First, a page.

Health Administration Responsibility Project
HARP Draft Bills

From time to time over the past decade, HARP has noted problems, some small, some massive, which could be relatively easily corrected with a small change to the law. These draft bills embody some of the suggested changes. Each bill explains, in an initial "Findings" section, the problems it attempts to correct.

These drafts are suggestions, and we hope they will be improved through discussion and your suggestions.
And, if you have ideas for simple legal solutions to problems of HMO enrollees, please feel free to convey them to the webmaster.
We hope to ultimately secure the support of legal and consumer organizations to turn these ideas into law.

  • ERISA (The Employee Retirement Security Act of 1974) was designed to protect employee benefits, but a series of disastrous Supreme Court decisions have turned it against the those it was meant to benefit. The ERISA Clarification Act attempts to pinpoint the specific problem areas in this massive bill. Further justification for the measures suggested are in a separate Comments file.

  • Insurer Medical Exams (IMEs) are often used to aggressively disadvantage insurance claimants. The Fair IME bill attempts to state an IME patient's bill of rights. In the event it is politically impossible to pass the entire bill, the Videotaped Medical Examination Bill, attempts to at least allow the patient's representative to videotape the exam.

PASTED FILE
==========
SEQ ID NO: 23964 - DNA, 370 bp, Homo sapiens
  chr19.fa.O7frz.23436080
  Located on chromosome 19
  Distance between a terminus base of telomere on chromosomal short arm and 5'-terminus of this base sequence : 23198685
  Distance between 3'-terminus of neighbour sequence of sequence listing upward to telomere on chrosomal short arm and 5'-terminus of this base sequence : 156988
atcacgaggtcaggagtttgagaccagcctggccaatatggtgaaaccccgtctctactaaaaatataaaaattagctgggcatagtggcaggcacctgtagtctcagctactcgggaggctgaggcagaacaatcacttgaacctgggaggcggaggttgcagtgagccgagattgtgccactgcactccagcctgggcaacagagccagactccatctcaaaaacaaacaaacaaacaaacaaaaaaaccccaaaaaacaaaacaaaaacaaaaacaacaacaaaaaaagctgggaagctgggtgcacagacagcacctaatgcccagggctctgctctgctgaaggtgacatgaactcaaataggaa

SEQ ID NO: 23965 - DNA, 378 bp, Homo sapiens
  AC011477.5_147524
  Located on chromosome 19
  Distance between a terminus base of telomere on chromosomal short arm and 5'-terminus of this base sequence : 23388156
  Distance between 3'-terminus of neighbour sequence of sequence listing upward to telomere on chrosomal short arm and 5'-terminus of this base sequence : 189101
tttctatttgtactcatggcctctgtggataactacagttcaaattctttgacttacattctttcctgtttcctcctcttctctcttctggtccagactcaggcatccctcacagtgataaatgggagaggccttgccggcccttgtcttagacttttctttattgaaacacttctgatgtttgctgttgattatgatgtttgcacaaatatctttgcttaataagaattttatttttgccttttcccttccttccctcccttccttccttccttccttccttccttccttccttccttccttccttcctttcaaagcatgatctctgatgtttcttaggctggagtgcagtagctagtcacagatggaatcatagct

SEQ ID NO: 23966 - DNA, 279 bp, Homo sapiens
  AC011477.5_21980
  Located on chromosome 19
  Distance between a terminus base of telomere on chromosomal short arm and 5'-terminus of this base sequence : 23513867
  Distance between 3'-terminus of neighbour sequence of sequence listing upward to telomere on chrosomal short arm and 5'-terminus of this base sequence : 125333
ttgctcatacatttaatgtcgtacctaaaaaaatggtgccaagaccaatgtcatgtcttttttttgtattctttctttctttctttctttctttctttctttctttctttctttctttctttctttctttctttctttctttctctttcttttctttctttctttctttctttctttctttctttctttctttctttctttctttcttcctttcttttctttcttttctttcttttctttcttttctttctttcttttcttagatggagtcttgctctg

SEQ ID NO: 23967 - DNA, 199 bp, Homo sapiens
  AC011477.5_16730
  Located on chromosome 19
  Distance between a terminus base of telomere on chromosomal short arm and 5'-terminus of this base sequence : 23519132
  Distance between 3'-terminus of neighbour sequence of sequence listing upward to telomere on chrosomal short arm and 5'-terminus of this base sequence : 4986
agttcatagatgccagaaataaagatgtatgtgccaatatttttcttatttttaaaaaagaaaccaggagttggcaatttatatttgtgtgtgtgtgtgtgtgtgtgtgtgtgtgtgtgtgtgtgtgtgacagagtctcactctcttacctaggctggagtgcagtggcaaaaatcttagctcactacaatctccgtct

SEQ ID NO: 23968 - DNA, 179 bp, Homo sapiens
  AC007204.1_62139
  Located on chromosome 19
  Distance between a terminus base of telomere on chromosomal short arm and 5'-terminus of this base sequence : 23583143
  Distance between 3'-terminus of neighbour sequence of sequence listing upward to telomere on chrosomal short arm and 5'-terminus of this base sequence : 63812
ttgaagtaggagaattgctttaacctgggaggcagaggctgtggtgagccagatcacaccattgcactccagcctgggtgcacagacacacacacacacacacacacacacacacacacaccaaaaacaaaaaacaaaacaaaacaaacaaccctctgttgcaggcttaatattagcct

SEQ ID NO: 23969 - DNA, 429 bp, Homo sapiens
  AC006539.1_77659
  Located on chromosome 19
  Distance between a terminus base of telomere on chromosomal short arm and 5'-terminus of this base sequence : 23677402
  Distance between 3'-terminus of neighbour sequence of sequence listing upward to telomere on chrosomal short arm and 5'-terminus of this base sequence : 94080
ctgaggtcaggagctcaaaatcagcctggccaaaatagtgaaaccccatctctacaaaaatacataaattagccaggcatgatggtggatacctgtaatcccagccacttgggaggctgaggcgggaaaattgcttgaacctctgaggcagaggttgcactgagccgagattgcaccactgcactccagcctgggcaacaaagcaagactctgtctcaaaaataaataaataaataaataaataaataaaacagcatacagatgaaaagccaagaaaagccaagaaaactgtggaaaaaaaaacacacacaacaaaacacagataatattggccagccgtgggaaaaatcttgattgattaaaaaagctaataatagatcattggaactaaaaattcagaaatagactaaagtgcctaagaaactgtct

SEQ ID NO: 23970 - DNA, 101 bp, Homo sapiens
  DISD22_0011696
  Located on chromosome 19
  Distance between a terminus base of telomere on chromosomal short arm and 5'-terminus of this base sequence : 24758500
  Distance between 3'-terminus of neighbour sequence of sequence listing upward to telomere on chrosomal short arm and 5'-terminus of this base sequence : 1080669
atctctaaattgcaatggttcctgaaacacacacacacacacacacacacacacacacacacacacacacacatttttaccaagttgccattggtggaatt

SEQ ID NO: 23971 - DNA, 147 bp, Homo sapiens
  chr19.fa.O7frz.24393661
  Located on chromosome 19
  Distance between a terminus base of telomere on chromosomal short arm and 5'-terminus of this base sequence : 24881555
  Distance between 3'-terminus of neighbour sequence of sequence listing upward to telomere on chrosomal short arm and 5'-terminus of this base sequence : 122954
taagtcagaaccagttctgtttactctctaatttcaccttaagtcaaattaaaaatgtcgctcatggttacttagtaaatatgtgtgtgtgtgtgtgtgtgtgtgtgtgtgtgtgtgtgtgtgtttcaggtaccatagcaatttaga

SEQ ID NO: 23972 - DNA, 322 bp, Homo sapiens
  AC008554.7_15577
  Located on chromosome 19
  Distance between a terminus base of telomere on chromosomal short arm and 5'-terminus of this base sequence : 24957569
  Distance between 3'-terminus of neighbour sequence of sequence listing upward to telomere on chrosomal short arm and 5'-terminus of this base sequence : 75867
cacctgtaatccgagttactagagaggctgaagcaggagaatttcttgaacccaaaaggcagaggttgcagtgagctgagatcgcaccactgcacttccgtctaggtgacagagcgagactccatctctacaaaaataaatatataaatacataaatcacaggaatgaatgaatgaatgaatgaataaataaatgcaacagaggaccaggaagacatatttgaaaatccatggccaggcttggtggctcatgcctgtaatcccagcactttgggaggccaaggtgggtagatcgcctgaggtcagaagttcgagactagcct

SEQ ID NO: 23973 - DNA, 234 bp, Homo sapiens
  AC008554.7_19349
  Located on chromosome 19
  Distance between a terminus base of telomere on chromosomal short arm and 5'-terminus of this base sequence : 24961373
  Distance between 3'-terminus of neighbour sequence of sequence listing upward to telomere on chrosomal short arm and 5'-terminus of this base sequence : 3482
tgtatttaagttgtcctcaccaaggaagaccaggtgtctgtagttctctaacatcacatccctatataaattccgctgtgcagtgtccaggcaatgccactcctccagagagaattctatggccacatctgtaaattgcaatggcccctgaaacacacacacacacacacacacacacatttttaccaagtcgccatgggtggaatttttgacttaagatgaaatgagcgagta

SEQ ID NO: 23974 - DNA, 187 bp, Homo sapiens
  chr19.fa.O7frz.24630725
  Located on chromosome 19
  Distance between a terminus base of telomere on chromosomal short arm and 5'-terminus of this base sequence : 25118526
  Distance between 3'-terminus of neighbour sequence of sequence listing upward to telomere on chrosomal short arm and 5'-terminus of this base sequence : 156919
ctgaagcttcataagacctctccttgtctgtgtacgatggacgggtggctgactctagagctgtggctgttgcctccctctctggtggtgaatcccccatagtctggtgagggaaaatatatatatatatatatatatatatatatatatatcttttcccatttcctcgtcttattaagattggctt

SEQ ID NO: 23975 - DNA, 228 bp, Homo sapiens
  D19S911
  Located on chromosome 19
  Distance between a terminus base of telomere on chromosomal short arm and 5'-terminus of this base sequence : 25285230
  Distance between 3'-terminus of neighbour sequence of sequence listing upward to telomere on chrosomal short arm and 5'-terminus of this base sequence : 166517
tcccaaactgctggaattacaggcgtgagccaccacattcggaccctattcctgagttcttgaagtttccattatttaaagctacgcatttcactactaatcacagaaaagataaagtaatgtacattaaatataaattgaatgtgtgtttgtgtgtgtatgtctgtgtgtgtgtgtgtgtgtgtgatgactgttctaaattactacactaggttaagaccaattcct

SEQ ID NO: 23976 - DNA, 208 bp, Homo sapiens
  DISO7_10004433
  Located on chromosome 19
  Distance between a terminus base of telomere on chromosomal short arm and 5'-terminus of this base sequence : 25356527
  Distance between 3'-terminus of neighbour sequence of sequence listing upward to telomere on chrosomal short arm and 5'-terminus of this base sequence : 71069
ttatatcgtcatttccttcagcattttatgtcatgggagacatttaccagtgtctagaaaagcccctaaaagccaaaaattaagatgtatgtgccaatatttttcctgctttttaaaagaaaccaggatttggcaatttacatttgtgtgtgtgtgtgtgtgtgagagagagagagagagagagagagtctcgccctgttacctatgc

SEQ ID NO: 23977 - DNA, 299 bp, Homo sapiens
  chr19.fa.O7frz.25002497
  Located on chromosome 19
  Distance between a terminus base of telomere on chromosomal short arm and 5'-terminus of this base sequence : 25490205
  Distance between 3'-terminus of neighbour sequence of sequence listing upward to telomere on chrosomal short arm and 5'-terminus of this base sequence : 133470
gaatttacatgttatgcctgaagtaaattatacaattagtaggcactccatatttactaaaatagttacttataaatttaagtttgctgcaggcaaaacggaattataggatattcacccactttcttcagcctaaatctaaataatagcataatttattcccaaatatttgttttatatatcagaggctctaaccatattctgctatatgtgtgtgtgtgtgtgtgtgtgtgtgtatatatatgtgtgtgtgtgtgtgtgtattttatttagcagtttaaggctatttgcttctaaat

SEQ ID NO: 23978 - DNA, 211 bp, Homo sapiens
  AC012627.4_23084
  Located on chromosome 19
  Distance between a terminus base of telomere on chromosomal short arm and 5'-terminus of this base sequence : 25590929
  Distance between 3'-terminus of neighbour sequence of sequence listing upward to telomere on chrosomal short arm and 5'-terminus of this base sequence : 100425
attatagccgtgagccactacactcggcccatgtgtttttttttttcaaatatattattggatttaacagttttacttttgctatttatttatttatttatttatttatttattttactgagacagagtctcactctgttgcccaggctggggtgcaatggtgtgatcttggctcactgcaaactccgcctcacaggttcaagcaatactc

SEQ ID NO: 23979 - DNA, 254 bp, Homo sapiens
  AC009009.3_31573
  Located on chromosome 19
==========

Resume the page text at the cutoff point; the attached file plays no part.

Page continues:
• Mandatory Arbitration of HMO grievances supplants a relatively neutral trial court with a biased arbitrator dependent on the HMO for continued business. The Voluntary Health Plan Arbitration Act would make Arbitration entirely voluntary, but if that is politically impossible, Mandatory Health Plan Arbitration Act would change the rules of mandatory arbitration to attempt to make it as fair as a court case.

  • Non-Profit Law Corporations have a hard time surviving, because the law unfairly discriminates against them, thus depriving many low-income claimants with small claims, of access to the courts. The Non-Profit Law Corporation Bill would change the law to make it easier for lawyers to practice in such a setting.

  • Settlement Gag Clauses prevent regulators and the public from learning about negligent HMOs, hospitals, and doctors. The Open Settlement Bill aims to render such clauses unenforceable.

  • Utilization Reviewers can cause patients severe injury with dishonest, biased decisions, but it is often difficult to hold them liable. The Utilization Review Fairness Act attempts to hold them accountable for their decisions.
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